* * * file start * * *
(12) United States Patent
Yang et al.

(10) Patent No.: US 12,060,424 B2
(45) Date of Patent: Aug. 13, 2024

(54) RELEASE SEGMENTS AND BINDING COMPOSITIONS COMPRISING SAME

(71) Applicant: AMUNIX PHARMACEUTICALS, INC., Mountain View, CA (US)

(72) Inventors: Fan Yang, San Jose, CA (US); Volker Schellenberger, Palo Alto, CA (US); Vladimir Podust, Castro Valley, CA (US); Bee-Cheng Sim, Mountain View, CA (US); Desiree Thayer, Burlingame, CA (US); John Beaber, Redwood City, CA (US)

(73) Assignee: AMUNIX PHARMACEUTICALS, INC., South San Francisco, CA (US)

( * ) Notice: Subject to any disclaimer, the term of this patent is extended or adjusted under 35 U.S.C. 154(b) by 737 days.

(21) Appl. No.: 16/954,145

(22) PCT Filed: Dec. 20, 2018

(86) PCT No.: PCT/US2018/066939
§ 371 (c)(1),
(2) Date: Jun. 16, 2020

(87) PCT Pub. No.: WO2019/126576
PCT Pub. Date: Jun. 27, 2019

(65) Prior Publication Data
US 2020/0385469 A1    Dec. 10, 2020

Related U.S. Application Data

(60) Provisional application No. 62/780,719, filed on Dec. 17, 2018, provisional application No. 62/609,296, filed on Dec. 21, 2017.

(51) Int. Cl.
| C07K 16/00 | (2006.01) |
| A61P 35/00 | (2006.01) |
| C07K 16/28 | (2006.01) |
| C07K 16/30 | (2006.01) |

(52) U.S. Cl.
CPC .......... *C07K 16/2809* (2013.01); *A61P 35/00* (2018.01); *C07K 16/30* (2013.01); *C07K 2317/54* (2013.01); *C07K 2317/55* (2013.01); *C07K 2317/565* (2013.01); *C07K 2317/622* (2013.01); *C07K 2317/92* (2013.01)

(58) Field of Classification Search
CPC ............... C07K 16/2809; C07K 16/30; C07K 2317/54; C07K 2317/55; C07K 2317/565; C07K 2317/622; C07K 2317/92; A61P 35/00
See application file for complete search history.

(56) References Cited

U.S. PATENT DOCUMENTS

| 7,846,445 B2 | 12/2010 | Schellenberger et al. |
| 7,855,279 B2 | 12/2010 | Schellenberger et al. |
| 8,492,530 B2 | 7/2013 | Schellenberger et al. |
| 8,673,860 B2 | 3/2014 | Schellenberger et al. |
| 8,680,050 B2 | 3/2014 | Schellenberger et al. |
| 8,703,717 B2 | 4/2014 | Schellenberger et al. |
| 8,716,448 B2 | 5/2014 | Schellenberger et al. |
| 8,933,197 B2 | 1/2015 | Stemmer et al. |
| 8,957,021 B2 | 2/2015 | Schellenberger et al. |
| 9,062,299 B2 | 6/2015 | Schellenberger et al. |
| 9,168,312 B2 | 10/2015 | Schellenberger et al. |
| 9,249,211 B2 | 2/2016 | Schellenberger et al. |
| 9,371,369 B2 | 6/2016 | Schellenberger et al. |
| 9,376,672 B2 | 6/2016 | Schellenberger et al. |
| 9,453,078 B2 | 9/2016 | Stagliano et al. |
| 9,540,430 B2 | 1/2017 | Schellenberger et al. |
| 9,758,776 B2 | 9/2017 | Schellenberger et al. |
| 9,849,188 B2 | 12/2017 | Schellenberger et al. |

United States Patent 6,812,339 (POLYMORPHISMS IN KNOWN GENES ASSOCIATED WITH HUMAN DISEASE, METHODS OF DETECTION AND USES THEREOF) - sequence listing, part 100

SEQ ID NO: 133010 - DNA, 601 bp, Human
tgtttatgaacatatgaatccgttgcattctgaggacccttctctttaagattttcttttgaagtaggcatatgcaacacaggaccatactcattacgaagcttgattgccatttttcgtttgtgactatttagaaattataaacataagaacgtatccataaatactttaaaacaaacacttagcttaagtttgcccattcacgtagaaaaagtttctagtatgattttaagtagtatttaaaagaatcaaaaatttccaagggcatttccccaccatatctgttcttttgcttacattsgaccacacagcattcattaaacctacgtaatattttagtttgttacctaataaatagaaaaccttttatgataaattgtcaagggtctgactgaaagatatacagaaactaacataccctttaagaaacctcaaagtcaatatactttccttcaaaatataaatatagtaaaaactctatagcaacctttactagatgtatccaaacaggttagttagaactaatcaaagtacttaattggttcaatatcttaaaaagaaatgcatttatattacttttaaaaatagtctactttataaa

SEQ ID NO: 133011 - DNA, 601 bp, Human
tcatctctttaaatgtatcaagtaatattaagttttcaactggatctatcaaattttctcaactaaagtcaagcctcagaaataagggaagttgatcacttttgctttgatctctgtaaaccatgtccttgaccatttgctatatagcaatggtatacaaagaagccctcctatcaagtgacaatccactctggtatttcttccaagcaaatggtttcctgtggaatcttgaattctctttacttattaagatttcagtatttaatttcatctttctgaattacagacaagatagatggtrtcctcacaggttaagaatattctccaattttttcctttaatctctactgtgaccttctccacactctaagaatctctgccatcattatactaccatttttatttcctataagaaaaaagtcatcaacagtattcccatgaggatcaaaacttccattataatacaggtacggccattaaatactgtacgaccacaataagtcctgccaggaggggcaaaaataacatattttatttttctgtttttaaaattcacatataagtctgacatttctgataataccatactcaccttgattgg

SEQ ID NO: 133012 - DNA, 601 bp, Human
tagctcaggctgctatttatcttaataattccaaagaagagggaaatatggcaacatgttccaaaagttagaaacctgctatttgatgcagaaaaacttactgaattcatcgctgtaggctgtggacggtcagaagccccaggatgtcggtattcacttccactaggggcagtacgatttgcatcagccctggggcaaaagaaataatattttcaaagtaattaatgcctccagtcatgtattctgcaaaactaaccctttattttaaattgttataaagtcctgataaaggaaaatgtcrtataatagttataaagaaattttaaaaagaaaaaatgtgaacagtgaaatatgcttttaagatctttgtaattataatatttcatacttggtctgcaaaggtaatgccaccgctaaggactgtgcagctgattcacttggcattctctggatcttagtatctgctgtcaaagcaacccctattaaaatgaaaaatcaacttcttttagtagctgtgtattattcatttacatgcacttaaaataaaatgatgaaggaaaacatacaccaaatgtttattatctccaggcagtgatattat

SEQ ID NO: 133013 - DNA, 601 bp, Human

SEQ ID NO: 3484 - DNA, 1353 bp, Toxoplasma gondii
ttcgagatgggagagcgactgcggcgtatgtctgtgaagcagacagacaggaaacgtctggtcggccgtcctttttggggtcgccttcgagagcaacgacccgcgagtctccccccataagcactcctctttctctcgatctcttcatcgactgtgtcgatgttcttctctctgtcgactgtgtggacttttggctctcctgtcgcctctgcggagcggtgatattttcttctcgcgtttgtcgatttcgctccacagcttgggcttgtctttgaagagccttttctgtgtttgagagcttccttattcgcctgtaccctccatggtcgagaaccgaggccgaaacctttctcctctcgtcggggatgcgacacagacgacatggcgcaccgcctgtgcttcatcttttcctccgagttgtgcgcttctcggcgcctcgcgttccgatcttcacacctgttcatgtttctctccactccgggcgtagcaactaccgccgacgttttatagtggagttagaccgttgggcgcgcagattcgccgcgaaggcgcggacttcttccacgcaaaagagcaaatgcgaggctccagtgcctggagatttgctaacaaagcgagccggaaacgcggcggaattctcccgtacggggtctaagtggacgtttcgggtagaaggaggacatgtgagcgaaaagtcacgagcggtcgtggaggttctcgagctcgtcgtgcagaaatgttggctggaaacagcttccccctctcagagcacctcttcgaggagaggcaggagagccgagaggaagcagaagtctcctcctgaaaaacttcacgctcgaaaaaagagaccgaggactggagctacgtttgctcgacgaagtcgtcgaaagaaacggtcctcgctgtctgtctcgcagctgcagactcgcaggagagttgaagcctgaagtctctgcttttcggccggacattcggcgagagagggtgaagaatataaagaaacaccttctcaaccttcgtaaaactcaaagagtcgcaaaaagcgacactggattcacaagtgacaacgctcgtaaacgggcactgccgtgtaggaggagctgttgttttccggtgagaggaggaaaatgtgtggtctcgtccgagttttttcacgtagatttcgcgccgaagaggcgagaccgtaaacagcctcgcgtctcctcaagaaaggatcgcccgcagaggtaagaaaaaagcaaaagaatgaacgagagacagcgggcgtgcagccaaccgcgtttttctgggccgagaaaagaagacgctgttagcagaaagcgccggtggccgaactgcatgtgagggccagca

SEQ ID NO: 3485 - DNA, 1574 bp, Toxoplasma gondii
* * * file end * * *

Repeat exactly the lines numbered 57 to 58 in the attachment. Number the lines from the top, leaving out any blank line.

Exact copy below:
tagctcaggctgctatttatcttaataattccaaagaagagggaaatatggcaacatgttccaaaagttagaaacctgctatttgatgcagaaaaacttactgaattcatcgctgtaggctgtggacggtcagaagccccaggatgtcggtattcacttccactaggggcagtacgatttgcatcagccctggggcaaaagaaataatattttcaaagtaattaatgcctccagtcatgtattctgcaaaactaaccctttattttaaattgttataaagtcctgataaaggaaaatgtcrtataatagttataaagaaattttaaaaagaaaaaatgtgaacagtgaaatatgcttttaagatctttgtaattataatatttcatacttggtctgcaaaggtaatgccaccgctaaggactgtgcagctgattcacttggcattctctggatcttagtatctgctgtcaaagcaacccctattaaaatgaaaaatcaacttcttttagtagctgtgtattattcatttacatgcacttaaaataaaatgatgaaggaaaacatacaccaaatgtttattatctccaggcagtgatattat

SEQ ID NO: 133013 - DNA, 601 bp, Human